Competing means following a program in which an athlete does not simply attempt a new personal best on a day he thinks he’s stronger, but rather doing so at a time in one’s training cycle when the athlete’s body is specifically prepared to handle maximum and supra-maximal weights. Logically, it is less risky to attempt a new personal best when you are properly trained and tuned up, rather than random days when your legs feel extra springy, and this is why competing is relatively safe.

3. Competing is purposeful

Here, an old adage comes to mind: failing to plan is planning to fail. If you go to a regular commercial gym, ask yourself how often you see anyone training pursuant to a program. How often do you seen someone writing notes after every set? And, what kind of progress have you observed such people enjoy?

By contrast, entering into a powerlifting competition necessitates that one adopts and adheres to a training program, or a plan. Having such a plan has many benefits, both physical and mental. In certain respects, the physical benefits are obvious. The psychological benefits, however, are ones that may be more difficult to understand until experienced.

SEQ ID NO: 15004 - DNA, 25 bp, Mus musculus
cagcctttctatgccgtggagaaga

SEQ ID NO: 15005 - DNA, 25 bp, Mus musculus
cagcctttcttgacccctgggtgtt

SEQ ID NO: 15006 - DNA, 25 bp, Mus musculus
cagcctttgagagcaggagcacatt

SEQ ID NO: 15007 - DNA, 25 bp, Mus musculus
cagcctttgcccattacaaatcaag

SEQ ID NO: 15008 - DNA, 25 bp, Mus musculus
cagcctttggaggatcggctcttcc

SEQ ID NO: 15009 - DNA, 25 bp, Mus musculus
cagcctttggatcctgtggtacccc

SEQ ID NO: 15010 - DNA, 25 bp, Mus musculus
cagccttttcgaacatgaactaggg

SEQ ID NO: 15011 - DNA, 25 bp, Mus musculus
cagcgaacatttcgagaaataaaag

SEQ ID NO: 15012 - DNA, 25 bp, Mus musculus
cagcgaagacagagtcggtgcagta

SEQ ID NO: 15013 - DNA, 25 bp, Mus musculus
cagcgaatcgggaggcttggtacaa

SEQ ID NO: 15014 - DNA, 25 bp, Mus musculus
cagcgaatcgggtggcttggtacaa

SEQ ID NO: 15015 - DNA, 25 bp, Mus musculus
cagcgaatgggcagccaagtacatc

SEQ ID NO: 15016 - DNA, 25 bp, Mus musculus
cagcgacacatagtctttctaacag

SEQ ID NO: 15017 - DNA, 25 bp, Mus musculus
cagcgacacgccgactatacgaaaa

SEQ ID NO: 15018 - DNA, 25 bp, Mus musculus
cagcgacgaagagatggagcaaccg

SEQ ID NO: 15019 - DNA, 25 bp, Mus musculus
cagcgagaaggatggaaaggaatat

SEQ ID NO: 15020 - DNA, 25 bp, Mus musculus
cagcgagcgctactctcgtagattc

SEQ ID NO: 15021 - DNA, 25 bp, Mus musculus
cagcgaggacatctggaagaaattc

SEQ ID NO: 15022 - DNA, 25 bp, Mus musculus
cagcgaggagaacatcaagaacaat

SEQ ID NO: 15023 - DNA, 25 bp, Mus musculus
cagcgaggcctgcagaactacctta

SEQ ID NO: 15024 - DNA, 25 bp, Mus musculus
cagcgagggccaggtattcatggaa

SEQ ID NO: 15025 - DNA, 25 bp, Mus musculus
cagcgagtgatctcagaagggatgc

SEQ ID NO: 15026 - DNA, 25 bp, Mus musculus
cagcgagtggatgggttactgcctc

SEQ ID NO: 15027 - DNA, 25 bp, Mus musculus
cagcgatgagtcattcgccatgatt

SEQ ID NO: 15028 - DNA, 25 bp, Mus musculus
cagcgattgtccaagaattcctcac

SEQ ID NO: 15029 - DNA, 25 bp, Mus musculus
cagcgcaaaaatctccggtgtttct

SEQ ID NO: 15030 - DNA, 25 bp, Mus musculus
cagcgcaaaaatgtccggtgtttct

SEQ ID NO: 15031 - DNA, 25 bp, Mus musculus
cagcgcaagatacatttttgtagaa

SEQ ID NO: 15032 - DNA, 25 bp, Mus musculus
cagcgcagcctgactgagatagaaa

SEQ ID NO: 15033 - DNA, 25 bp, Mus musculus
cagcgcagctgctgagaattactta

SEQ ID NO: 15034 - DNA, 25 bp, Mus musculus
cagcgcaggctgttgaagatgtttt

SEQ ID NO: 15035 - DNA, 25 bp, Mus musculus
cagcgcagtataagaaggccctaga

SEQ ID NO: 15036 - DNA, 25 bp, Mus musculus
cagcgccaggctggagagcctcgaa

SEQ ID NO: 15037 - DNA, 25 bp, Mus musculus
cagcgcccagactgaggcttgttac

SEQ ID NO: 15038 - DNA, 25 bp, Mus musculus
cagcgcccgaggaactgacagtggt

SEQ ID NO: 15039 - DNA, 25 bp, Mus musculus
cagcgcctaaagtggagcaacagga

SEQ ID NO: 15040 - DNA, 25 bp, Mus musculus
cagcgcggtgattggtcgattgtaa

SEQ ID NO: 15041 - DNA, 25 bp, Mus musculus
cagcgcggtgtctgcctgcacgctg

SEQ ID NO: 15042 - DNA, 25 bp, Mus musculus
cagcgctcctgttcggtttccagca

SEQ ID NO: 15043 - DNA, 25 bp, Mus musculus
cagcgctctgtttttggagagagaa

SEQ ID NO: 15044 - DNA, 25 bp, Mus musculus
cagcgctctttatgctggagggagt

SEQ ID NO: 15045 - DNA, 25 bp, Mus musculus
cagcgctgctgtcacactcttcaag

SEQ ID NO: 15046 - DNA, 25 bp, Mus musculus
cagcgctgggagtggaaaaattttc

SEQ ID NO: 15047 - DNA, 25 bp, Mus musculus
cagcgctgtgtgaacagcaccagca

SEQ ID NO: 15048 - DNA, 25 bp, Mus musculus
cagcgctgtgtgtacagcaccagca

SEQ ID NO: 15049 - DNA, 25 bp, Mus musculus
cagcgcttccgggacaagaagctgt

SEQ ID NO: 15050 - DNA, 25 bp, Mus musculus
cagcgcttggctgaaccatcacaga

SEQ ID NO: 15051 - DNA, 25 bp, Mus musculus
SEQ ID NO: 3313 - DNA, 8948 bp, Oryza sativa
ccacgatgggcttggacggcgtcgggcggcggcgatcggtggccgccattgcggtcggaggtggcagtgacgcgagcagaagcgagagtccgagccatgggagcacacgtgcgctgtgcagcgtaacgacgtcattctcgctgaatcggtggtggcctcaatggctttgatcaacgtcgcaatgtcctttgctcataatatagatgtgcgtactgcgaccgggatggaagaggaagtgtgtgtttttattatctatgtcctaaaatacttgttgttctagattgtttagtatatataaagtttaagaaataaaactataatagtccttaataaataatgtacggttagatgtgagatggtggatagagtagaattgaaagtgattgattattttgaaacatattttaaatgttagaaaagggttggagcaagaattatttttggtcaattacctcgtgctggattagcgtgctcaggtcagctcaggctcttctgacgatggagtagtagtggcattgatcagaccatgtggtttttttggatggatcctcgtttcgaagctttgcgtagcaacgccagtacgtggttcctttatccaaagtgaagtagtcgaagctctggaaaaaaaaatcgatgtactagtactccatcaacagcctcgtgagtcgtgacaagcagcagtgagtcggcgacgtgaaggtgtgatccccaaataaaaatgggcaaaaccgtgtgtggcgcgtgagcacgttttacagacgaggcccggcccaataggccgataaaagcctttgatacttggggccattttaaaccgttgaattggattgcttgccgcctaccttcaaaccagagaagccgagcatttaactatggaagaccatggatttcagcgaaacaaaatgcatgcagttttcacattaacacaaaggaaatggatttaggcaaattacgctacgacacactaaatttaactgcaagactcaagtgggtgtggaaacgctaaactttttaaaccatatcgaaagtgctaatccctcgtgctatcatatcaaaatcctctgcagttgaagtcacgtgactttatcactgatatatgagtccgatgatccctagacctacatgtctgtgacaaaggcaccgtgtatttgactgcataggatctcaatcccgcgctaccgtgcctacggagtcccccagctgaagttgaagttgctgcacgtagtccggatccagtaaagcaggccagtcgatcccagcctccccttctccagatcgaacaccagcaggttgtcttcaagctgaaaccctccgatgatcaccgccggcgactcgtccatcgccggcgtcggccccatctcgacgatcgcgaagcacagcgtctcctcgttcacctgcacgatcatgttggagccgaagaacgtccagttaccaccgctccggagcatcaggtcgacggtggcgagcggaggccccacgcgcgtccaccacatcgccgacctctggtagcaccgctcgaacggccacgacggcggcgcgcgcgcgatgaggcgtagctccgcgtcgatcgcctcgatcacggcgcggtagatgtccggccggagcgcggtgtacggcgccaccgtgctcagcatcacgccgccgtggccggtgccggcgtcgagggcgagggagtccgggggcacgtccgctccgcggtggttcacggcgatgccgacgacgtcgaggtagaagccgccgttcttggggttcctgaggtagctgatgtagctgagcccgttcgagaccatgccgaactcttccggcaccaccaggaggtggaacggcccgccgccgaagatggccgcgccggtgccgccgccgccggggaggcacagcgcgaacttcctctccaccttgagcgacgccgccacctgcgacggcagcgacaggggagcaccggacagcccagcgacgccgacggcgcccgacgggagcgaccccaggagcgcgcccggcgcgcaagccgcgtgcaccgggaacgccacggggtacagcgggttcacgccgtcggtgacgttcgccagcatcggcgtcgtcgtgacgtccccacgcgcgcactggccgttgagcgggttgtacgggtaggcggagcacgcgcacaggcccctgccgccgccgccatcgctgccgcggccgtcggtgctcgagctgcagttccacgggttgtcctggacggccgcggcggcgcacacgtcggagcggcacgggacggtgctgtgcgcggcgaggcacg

These mental benefits derive from the sense of purpose that comes from training for competition. When a meet hangs over an athlete’s head, that athlete tends to hit the weights with a certain vigor that just doesn’t exist when one casually walks into a weight room for some exercise. Competing will give your training a sense of purpose.

[Read more from the author: Why powerlifting is a sport for nerds.]

4. Competing is educational

Too many potential powerlifters shy away from stepping onto the platform because they first want to get stronger. This is unfortunate because it neglects the reality that while they are getting stronger, so are the ones who are already competing. However, people who compete arguably get stronger at a faster rate.

Why? Not only does efficient, safe, and purposeful training tend to be more effective, but competing is in and of itself a great learning experience which lends itself to quicker progress. It forces a powerlifter to learn how to execute the squat, bench and deadlift according to measurable standards. It enables a person to broaden his horizons with respect to seeing what weights might be possible with continued dedication to the sport – indeed, it’s incredibly motivating to see in real life someone in the warm-up area throwing around more weight than what you hope to hit on your third attempt on game day.

Importantly, competing is a gateway into the community of powerlifters. It’s a chance to step away from learning from internet gurus, and witness as well as talk with real athletes and coaches. People form real, lasting friendships with those who they meet at competitions, and in the process, learn a lot from their fellow lifters.

[Learn more: 4 tips for choosing your squat attempts on meet day.]

5. Competing structures your training